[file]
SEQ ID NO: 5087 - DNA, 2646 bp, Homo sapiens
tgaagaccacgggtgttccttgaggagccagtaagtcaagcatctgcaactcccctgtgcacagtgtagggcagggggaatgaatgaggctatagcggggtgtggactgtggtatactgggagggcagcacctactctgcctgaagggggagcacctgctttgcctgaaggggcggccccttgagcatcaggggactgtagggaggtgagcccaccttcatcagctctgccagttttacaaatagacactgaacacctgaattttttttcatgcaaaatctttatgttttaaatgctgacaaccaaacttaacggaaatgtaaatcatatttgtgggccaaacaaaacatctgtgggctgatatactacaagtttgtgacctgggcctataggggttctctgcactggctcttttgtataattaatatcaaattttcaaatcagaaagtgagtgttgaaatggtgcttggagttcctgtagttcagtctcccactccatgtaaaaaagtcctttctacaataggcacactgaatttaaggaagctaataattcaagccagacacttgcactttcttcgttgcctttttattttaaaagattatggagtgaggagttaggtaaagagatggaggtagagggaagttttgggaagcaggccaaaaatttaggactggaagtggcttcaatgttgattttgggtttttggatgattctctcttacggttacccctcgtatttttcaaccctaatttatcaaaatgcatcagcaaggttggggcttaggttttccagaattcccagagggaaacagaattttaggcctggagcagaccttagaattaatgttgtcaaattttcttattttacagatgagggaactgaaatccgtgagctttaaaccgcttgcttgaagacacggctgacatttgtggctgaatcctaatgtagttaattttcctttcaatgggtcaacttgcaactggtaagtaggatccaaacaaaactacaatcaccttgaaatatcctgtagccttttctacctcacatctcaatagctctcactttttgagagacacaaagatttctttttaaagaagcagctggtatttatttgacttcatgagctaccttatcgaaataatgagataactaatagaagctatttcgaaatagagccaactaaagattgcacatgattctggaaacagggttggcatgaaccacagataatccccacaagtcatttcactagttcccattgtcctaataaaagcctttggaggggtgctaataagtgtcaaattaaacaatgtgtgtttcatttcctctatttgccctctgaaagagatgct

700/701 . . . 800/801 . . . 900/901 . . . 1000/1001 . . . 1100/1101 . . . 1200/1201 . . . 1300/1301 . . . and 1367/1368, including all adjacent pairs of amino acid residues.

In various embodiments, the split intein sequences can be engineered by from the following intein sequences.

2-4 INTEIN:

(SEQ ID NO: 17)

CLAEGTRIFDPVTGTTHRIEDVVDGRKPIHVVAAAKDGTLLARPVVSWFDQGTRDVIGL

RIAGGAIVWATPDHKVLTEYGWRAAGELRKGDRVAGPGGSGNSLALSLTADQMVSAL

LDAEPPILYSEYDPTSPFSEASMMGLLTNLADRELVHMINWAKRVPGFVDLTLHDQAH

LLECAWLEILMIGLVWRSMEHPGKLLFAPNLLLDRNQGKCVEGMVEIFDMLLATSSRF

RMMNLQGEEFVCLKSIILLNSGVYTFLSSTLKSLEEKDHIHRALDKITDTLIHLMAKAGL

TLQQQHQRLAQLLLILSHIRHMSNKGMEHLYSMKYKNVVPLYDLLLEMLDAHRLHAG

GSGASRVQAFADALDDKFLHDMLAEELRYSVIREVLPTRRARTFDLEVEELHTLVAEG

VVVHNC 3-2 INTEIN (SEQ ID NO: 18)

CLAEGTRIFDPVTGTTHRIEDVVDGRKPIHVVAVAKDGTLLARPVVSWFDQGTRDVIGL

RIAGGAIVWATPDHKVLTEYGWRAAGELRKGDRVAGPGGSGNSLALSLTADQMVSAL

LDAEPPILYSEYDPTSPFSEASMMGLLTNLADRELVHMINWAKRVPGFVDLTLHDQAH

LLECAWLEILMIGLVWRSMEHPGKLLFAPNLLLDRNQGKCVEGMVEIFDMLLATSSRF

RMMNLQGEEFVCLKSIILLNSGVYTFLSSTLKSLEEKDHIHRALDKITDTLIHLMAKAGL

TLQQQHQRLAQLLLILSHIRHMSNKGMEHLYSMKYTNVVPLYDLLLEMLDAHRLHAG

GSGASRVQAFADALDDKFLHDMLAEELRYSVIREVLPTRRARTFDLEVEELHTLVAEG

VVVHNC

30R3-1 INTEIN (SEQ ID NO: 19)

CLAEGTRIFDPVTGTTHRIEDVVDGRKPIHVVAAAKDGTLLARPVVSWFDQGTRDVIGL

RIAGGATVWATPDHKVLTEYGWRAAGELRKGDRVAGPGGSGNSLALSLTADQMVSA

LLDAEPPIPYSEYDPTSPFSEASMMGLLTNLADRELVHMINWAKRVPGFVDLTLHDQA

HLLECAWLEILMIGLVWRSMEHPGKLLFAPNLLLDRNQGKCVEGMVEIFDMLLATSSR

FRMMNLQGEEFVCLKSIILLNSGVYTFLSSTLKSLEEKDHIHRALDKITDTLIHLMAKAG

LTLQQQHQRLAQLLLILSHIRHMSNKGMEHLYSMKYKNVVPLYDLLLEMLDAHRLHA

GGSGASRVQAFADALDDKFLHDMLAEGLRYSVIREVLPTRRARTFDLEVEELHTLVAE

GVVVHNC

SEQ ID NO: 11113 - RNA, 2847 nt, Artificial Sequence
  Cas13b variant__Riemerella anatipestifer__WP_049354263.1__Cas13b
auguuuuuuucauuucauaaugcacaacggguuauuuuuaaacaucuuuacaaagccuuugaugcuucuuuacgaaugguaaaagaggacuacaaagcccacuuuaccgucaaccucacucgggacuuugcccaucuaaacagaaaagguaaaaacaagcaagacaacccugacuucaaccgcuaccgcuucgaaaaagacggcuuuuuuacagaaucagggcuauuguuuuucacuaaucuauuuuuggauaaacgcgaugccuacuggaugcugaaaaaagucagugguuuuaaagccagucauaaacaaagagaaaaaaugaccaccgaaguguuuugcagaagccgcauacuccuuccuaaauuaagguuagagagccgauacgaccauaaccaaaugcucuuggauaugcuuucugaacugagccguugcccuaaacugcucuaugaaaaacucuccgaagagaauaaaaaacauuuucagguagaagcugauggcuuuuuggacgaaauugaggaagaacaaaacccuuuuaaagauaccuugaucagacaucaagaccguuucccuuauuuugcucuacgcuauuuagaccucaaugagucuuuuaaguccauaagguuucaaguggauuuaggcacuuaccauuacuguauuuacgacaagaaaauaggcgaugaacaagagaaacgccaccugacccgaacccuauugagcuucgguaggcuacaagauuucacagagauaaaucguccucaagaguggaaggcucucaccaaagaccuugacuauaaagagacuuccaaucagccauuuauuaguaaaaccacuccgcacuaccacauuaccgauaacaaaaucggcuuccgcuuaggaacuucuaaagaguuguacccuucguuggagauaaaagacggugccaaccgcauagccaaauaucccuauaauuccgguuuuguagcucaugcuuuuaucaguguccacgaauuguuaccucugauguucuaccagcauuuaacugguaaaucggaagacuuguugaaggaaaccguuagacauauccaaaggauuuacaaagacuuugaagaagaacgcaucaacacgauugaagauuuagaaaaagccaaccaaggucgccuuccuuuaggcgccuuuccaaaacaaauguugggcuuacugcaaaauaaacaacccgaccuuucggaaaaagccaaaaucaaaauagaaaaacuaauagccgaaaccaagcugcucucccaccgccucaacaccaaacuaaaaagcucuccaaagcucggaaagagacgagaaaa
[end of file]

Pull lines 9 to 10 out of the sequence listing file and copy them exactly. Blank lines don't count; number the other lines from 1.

LDAEPPILYSEYDPTSPFSEASMMGLLTNLADRELVHMINWAKRVPGFVDLTLHDQAH

LLECAWLEILMIGLVWRSMEHPGKLLFAPNLLLDRNQGKCVEGMVEIFDMLLATSSRF